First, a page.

The Least Auklet, Aethia pusilla, is a seabird and the smallest species of auk.
Distribution / Range
It the most abundant seabird in North America, and one of the most abundant in the world, with a population of around nine million birds. They breed on the islands of Alaska and Siberia, and spend the winter close to the edge of the ice sheet. Their largest colonies are on the Aleutian Islands, St. Lawrence Island and Little Diomede Island.
Diet / Feeding
Least Auklets feed predominantly on calanoid copepods, particularly those of the genus Neocalanus. They also eat euphausiids, pteropods and other zooplankton species. They hunt for these in stratified waters caused where upwelling and thermoclines cause these prey items to be tightly clumped together.
Like all auks they are pursuit divers, using their wings to provide thrust and “fly” under the water. They are voracious predators, consuming 86% of their body weight each day.
Breeding / Nesting
Least Auklets are highly colonial, nesting in rocky crevices in colonies of up to a million birds. These colonies are often mixed, with other species of auklet nesting with, and competing with the Least Auklets.
While this coexistence with other species may bring the benefits of protection from predators, Least Auklets are vulnerable to being displaced from their nesting sites by the larger Crested Auklets.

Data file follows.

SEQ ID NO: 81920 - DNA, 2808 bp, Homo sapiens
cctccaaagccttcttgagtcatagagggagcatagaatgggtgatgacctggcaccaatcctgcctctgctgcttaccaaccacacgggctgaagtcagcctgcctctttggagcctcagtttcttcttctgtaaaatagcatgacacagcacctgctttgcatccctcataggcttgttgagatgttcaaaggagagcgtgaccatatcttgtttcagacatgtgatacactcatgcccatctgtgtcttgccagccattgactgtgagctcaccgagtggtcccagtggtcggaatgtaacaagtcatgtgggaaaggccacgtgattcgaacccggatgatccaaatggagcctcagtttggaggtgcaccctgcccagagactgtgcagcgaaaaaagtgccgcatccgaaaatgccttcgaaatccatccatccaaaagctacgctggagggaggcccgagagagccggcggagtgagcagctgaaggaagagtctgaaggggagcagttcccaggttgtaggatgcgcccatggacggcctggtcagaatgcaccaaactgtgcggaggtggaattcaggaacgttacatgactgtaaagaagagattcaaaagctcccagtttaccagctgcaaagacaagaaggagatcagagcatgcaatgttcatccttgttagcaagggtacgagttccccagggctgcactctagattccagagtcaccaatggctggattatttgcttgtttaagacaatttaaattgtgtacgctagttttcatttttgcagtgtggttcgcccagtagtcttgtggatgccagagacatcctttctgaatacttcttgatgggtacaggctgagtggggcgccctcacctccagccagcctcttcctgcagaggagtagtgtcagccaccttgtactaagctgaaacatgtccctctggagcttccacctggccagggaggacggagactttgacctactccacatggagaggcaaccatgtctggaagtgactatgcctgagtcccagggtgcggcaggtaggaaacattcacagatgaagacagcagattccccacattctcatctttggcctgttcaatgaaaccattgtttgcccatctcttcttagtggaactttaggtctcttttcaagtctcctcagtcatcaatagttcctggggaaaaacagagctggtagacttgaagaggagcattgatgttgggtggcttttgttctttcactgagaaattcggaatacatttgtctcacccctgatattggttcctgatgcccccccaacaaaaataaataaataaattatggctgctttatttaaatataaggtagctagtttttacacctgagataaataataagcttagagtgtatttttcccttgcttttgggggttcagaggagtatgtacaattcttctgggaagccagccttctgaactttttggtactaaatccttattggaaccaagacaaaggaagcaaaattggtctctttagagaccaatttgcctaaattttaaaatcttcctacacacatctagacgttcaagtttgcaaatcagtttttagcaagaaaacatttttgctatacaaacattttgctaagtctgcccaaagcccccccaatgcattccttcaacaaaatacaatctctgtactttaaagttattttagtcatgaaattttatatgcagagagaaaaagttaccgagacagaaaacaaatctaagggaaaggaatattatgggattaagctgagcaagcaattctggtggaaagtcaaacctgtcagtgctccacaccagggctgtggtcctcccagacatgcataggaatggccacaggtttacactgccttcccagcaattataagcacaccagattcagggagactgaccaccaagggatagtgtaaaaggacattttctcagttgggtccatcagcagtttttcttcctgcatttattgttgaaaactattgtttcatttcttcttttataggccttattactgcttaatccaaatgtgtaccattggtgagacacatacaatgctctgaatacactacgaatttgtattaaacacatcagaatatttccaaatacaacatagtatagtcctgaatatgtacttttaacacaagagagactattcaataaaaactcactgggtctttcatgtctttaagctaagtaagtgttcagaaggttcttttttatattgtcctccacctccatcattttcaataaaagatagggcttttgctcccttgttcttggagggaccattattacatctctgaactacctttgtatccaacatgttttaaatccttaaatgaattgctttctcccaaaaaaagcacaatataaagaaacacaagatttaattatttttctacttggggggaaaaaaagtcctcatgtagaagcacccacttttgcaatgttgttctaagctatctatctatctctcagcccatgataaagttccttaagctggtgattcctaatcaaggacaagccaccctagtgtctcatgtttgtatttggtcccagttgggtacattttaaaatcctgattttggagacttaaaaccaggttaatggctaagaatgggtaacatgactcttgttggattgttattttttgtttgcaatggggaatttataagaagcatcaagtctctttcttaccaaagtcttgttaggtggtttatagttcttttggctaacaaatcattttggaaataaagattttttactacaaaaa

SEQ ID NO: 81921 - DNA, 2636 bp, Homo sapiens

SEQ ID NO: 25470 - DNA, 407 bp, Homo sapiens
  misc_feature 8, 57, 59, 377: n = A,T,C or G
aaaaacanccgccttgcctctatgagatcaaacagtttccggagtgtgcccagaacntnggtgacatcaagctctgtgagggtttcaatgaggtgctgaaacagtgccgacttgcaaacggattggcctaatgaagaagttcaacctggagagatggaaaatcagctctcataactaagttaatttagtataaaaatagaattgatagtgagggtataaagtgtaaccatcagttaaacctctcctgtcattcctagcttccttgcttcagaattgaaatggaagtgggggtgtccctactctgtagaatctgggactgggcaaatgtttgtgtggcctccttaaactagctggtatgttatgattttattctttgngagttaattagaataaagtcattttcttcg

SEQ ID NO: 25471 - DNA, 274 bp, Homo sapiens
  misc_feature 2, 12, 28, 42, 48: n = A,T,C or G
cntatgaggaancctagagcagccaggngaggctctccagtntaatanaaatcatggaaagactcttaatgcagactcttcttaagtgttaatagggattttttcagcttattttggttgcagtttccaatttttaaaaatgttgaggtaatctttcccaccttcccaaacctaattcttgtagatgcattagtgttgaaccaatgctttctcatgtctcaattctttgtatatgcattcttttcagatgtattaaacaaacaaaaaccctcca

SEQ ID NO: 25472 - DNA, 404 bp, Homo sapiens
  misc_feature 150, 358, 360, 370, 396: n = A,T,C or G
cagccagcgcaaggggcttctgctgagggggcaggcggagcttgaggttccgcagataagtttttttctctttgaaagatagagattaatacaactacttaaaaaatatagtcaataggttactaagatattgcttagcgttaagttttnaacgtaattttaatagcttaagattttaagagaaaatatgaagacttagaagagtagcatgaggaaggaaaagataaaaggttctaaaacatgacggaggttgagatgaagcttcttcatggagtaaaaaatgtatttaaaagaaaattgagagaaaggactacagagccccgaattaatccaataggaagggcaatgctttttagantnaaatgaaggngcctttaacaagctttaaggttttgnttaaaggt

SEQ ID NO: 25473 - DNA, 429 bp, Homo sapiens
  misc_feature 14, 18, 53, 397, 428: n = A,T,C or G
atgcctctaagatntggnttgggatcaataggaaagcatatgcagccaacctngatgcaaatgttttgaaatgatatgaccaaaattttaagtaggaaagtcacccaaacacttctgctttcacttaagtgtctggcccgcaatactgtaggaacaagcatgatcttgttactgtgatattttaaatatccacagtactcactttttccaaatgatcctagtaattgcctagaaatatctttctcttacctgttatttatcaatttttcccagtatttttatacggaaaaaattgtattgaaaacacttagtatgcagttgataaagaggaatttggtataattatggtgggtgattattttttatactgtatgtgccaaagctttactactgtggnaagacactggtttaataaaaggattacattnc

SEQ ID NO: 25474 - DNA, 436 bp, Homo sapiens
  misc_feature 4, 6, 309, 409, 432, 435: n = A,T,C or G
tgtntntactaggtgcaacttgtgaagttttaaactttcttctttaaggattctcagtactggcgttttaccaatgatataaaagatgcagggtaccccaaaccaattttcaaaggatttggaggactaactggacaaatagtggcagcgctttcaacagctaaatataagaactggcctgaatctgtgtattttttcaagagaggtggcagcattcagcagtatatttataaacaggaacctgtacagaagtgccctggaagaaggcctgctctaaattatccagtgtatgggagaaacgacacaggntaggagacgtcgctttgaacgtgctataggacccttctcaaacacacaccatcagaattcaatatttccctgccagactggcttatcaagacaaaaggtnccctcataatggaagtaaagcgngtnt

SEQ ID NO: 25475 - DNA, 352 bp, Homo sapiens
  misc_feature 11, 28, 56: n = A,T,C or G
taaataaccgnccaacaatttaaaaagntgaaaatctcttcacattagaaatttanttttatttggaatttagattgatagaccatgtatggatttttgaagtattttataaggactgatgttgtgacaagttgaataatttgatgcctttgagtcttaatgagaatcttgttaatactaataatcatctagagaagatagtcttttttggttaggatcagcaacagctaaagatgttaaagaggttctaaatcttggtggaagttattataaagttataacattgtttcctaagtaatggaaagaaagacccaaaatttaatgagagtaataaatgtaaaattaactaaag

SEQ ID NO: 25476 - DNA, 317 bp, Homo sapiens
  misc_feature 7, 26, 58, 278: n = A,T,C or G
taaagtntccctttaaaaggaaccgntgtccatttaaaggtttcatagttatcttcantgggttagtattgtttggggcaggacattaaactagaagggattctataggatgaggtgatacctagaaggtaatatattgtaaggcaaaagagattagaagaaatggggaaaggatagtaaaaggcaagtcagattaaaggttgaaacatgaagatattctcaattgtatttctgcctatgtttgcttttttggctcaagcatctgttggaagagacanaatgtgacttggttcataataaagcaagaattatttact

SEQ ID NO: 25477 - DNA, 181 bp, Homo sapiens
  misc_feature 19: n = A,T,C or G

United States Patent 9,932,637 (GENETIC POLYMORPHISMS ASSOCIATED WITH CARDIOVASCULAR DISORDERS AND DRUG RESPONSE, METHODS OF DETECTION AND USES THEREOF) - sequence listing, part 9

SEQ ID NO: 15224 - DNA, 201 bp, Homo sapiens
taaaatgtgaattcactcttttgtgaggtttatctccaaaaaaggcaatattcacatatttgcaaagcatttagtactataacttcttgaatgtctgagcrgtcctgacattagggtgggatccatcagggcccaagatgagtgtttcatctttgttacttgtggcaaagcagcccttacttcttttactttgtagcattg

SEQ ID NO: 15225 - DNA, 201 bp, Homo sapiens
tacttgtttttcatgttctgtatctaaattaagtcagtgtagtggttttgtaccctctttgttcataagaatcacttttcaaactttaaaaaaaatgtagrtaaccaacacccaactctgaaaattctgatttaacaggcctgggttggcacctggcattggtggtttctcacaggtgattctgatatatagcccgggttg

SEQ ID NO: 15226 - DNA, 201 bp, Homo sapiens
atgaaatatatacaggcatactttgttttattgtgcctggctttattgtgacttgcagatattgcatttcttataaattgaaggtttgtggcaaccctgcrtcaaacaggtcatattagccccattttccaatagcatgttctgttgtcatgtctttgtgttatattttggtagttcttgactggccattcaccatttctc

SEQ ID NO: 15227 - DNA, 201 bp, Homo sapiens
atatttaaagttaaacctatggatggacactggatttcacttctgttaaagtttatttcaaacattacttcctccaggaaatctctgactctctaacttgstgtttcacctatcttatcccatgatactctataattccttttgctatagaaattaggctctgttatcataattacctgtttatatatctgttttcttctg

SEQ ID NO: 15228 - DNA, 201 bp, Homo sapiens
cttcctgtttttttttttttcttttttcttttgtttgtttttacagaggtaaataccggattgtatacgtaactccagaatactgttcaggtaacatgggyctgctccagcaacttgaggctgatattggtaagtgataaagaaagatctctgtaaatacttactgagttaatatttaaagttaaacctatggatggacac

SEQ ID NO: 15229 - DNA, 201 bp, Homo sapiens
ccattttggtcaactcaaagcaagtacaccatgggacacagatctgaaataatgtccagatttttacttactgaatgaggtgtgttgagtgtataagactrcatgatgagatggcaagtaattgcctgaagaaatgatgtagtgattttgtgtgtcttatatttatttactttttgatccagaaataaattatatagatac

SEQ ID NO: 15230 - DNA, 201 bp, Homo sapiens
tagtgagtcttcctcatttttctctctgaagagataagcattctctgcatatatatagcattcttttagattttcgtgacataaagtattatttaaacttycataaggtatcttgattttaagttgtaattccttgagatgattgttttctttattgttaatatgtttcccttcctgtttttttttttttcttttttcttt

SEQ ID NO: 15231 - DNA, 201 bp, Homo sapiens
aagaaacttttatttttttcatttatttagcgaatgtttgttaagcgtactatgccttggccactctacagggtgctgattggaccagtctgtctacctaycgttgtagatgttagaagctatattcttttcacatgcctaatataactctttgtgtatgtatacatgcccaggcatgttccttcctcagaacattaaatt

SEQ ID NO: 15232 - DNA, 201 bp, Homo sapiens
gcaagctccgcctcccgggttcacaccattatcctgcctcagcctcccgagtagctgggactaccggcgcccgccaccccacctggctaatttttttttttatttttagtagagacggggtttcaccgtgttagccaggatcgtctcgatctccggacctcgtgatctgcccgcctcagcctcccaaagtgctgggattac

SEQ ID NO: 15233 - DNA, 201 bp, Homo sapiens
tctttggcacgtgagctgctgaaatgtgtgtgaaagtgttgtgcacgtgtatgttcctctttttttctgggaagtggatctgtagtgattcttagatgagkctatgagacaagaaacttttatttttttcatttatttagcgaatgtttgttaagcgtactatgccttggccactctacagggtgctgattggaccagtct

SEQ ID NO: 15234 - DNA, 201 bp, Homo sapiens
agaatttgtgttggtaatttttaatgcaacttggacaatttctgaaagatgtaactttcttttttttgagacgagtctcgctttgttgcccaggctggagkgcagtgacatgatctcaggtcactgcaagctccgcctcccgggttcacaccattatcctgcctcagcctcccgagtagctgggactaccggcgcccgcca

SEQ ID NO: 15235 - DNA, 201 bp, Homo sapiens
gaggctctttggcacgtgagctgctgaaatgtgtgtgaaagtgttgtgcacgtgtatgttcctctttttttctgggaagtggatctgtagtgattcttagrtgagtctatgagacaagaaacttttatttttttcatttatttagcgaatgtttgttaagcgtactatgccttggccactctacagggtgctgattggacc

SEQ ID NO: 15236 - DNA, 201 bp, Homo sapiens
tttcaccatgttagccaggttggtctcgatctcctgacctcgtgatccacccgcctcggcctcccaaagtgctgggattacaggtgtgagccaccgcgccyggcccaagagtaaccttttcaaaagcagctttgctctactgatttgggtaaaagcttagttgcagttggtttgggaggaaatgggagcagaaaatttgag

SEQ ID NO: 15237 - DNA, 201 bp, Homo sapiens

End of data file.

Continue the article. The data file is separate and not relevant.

A single egg is laid in the crevice and incubated for a month, after which a semi-precocial black downy chick is hatched. Both parents share incubation duties, as well as brooding and feeding duties.
Unlike many auks, which are fed fish carried crosswise in the bill, chicks of the Least Auklet are fed copepods and other zooplankton from a sublingual pouch, as are other small auklets. The chicks receive no further parental care after they fledge, and can dive to hunt as soon as they leave the nest.
Least Auklets are vulnerable to oil spills and introduced species. The introduction of Arctic Foxes to many of the Aleutian Islands caused the species to be wiped out on many of those islands, and rats are also a problem on many islands. However, at present they are still a very common species.
- BirdLife International (2008). Aethia pusilla. In: IUCN 2008. IUCN Red List of Threatened Species. Downloaded on 24 February 2009.
- Aethia pusilla (TSN 177020). Integrated Taxonomic Information System. Retrieved on 24 February 2009.
- Jones, I. L. 1993. Least Auklet (Aethia pusilla). In The Birds of North America, No. 69 (A. Poole and F. Gill, Eds.). Philadelphia: The Academy of Natural Sciences; Washington, D.C.: The American Ornithologists’ Union.
- Least Auklet Images http://tsuru-bird.net/image.htm Copyright 2009 – Monte M. Taylor
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